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Pennsylvania Struggles to Comply With Direct Shipping Laws

Proposed legislation would make direct shipment of wine from out-of-state wineries unfeasible; bill's sponsor plans substantial amendments

Robert Taylor
Posted: August 28, 2008

Three years after the United States Supreme Court's Granholm decision, the Keystone state is still struggling to pass legislation that would bring the state's shipping laws into compliance. The latest suggestion—routing all shipped wine through the state liquor authority—isn't winning rousing support.

While Pennsylvania technically permits direct shipping, the government has yet to pass legislation that would bring the state's laws into compliance with Granholm, which effectively rendered Pennsylvania's shipping laws unconstitutional in 2005. The state theoretically allows out-of-state wineries to ship directly to residents through a limited license obtainable from the Pennsylvania Liquor Control Board (PLCB), but only one winery, California's Kistler, has bothered to obtain it while the state's legislators continue to debate the issue.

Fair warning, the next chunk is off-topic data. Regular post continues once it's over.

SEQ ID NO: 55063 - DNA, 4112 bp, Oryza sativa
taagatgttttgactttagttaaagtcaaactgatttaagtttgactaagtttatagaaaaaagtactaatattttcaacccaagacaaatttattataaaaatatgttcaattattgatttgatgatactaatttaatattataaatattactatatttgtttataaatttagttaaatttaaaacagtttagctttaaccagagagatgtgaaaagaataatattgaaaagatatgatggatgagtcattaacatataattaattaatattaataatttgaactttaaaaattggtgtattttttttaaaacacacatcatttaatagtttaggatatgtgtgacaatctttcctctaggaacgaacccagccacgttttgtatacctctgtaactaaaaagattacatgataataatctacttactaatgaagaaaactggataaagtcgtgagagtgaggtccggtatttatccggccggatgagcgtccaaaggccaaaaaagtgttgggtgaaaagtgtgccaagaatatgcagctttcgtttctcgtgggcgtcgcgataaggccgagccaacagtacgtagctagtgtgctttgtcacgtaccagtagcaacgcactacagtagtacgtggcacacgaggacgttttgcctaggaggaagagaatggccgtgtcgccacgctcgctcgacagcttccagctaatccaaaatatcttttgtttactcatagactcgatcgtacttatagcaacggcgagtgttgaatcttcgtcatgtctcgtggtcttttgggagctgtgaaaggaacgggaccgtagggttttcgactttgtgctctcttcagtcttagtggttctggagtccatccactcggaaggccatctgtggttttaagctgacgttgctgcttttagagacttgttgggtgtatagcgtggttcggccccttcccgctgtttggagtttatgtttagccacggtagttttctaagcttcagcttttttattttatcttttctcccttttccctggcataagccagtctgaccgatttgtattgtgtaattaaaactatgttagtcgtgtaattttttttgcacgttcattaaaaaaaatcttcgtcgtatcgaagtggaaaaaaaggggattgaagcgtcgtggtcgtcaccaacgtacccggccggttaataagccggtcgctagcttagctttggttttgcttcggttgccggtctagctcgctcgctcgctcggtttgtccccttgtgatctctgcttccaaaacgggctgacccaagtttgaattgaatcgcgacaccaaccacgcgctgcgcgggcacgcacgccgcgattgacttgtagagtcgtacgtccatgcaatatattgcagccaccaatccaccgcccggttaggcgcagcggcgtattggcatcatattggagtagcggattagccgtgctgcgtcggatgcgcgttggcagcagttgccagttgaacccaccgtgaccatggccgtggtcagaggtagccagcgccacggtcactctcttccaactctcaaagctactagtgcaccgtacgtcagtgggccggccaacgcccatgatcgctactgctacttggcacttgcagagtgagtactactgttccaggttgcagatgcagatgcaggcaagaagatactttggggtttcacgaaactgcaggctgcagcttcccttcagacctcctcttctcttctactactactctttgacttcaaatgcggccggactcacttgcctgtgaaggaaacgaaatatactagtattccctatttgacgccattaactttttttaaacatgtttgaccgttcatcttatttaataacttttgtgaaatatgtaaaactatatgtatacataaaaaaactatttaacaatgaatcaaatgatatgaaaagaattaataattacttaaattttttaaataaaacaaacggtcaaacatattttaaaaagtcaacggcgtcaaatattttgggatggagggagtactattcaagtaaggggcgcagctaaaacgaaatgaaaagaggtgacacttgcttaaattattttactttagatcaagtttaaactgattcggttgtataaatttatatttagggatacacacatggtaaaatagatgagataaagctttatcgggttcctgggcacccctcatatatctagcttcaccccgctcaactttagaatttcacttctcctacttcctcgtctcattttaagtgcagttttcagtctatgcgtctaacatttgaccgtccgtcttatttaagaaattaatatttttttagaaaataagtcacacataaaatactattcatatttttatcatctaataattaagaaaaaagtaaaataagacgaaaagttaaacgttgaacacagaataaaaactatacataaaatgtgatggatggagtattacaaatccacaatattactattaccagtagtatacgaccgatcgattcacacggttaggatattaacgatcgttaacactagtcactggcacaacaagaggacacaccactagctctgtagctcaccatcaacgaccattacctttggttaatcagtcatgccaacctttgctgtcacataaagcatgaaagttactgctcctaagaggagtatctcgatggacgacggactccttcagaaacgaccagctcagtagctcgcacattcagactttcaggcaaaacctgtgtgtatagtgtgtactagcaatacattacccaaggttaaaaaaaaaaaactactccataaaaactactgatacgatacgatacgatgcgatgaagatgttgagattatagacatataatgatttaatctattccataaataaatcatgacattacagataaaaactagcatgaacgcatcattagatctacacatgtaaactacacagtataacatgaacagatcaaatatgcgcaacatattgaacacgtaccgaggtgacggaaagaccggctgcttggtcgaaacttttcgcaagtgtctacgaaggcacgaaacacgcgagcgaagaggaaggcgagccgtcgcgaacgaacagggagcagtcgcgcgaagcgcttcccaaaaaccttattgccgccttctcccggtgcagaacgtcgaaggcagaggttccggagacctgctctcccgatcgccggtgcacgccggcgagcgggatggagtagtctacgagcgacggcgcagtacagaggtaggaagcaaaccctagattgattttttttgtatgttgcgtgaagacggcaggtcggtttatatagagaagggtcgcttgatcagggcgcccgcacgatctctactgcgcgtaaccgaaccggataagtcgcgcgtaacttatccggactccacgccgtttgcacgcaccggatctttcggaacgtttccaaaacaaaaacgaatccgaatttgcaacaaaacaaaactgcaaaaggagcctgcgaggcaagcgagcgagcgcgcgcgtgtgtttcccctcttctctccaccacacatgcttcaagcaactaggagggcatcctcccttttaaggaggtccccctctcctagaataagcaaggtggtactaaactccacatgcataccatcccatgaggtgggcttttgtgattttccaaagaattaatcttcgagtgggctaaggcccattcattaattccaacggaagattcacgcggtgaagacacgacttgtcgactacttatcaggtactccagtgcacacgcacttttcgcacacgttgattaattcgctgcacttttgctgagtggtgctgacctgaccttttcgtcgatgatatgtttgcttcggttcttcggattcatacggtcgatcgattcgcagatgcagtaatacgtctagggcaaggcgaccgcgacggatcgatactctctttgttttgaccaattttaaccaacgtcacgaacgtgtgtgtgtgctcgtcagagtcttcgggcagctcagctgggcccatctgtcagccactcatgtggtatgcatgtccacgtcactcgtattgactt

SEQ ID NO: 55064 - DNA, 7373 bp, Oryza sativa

The latest proposed legislation, if passed as is, would effectively make direct-to-consumer shipping cost prohibitive as well as exclude almost all out-of-state wineries by virtue of production limits. House Bill 2165, sponsored by State Rep. Paul Costa, requires that any wine shipped to a resident of Pennsylvania by an out-of-state winery must pass through the PLCB, which would likely charge a handling fee. The wine could then be picked up at a state store. The bill also lowers the cap on the production of wineries permitted to ship into the state from 200,000 gallons annually to 80,000 gallons, a change which would severely limit the number of eligible out-of-state wineries. (An 80,000-gallon cap, approximately 33,000 cases, would exclude about 80 percent of wineries in the United States, according to Jeremy Benson of consumer advocacy group Free the Grapes.)